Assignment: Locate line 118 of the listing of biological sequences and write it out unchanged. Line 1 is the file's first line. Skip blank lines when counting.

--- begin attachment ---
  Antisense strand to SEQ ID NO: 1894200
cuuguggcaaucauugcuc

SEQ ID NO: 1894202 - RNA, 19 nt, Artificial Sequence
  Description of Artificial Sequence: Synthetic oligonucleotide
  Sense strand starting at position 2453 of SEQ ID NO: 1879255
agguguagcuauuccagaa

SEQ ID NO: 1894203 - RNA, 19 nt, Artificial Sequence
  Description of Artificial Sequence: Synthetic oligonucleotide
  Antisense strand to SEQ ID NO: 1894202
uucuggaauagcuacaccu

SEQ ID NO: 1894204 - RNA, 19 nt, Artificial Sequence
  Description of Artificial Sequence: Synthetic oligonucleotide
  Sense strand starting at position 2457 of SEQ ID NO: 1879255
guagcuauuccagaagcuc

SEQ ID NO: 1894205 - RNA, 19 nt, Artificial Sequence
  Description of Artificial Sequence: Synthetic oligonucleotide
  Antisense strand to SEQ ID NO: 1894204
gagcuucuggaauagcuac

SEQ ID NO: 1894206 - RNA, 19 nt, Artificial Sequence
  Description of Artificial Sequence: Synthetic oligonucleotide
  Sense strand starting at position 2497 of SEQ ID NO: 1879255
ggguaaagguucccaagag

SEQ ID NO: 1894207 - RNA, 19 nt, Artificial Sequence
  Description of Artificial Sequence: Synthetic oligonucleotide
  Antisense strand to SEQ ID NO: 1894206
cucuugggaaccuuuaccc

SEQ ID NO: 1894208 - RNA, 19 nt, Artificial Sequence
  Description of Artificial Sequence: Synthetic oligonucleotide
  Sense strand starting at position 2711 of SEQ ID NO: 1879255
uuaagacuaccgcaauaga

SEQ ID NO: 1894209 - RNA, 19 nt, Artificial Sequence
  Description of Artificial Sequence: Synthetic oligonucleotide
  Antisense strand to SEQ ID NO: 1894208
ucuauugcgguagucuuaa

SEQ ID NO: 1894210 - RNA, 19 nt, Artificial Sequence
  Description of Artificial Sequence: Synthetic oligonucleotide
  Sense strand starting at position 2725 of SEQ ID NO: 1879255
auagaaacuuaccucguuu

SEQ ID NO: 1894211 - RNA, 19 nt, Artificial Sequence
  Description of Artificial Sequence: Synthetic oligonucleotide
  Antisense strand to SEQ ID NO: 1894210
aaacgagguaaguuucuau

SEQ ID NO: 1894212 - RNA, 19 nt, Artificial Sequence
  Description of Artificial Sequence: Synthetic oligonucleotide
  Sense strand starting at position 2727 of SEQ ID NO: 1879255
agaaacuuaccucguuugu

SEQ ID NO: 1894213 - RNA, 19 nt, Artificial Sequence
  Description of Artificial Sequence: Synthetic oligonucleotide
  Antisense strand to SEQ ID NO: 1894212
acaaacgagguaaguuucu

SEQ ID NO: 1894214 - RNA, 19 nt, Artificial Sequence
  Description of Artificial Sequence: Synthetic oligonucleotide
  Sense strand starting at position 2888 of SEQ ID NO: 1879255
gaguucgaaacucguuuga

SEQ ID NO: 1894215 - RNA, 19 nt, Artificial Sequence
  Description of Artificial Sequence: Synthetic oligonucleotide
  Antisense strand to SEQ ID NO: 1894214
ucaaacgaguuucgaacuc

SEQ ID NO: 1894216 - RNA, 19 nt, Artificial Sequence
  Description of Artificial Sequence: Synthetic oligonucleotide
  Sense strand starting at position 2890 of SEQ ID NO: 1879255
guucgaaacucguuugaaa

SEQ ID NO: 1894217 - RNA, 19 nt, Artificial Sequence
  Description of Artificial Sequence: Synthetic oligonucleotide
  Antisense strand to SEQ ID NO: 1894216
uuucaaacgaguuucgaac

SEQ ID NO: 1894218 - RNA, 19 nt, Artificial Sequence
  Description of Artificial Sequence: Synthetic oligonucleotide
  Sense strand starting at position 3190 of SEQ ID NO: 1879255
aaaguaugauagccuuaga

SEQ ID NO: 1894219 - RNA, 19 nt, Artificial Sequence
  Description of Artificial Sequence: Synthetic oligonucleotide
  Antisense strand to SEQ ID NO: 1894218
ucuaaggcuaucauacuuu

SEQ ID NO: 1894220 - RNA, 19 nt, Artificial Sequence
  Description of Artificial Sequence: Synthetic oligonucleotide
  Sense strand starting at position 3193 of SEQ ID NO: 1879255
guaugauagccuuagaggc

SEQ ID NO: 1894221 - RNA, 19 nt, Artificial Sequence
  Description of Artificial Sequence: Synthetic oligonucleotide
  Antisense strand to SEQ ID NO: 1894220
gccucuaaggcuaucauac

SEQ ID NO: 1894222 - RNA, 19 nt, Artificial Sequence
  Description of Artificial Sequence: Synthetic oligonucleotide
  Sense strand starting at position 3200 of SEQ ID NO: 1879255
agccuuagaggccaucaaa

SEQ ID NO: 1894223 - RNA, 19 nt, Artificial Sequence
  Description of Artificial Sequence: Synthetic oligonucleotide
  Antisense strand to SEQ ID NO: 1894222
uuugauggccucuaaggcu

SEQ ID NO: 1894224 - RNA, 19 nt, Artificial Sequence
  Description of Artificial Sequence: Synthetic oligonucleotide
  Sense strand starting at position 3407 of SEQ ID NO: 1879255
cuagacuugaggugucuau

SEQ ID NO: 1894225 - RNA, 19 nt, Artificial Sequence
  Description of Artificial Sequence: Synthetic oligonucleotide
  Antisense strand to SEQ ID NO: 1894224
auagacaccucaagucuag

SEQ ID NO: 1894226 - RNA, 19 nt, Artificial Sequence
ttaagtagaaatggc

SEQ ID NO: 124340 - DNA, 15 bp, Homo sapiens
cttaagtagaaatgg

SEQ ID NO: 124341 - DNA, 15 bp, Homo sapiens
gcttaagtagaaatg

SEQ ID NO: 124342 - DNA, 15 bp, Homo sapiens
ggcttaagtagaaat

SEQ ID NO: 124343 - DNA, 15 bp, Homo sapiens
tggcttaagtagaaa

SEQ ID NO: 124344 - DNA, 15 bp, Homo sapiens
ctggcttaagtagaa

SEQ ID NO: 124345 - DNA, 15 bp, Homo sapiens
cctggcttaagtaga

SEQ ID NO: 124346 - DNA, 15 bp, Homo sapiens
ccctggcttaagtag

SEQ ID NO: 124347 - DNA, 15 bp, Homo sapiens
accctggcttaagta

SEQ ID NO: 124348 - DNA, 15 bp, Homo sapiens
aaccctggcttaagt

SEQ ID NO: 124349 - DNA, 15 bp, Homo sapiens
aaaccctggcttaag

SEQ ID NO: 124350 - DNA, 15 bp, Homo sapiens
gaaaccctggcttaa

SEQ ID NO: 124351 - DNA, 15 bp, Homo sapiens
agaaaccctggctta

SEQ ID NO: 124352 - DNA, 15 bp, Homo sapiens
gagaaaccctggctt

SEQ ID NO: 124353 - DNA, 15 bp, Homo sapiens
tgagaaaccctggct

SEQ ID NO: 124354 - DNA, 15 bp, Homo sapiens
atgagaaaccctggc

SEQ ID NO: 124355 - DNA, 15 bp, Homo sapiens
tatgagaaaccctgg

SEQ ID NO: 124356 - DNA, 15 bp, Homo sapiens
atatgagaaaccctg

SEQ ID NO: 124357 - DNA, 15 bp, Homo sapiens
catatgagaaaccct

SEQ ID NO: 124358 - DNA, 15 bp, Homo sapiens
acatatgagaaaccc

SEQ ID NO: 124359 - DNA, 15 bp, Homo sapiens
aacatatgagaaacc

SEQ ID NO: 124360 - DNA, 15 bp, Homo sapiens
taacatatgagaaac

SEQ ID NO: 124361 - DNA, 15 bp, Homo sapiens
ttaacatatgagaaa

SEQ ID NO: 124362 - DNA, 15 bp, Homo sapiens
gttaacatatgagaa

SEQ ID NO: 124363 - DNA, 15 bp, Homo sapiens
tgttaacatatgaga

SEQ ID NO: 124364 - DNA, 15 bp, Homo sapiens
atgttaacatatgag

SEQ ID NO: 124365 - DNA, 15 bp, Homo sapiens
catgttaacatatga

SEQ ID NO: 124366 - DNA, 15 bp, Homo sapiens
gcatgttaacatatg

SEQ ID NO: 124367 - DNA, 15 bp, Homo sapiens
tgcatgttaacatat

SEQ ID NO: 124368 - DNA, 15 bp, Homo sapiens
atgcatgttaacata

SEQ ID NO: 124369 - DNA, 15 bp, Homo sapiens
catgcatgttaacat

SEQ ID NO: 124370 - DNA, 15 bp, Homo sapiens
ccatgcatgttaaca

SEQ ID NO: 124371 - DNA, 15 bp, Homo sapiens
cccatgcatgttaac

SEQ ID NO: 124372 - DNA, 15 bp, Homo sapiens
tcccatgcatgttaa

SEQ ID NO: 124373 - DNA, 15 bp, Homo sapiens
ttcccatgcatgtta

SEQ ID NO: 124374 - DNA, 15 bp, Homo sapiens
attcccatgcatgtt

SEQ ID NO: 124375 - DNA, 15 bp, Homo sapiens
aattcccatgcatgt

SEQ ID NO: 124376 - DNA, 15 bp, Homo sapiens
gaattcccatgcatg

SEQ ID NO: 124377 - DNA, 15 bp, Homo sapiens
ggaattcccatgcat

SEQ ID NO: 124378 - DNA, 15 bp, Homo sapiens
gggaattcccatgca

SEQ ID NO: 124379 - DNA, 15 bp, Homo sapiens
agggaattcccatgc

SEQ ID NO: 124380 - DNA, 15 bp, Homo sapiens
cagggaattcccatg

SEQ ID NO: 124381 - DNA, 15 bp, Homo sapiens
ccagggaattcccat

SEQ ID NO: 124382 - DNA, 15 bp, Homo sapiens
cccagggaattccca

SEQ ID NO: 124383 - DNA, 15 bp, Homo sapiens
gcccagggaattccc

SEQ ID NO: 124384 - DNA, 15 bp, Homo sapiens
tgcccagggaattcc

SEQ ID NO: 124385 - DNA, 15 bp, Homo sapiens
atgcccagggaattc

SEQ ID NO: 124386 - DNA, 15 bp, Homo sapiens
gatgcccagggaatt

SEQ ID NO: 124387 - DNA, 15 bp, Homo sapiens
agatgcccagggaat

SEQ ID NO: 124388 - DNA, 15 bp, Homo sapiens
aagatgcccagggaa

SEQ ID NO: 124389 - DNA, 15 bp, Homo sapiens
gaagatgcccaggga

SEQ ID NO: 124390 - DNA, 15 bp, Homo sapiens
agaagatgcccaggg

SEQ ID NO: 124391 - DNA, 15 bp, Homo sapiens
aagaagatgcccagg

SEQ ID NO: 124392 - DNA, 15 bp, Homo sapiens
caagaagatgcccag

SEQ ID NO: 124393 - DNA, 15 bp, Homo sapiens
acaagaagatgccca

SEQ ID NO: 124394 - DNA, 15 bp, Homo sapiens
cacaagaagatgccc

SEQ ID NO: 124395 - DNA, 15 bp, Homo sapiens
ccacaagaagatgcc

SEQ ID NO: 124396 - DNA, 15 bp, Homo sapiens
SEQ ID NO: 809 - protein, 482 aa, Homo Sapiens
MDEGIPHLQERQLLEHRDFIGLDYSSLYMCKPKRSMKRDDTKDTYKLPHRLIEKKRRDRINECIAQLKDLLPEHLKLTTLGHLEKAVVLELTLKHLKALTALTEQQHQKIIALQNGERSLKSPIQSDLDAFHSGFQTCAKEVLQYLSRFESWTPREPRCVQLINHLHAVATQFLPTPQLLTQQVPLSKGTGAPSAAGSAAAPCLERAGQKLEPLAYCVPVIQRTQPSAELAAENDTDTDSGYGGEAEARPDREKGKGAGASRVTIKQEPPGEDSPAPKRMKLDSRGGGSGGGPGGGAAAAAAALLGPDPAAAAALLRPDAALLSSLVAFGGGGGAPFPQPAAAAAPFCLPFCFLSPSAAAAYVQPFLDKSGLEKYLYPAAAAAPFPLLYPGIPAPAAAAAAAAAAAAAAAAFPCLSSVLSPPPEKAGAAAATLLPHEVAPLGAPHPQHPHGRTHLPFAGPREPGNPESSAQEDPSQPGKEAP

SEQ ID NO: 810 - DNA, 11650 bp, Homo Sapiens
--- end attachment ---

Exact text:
aaccctggcttaagt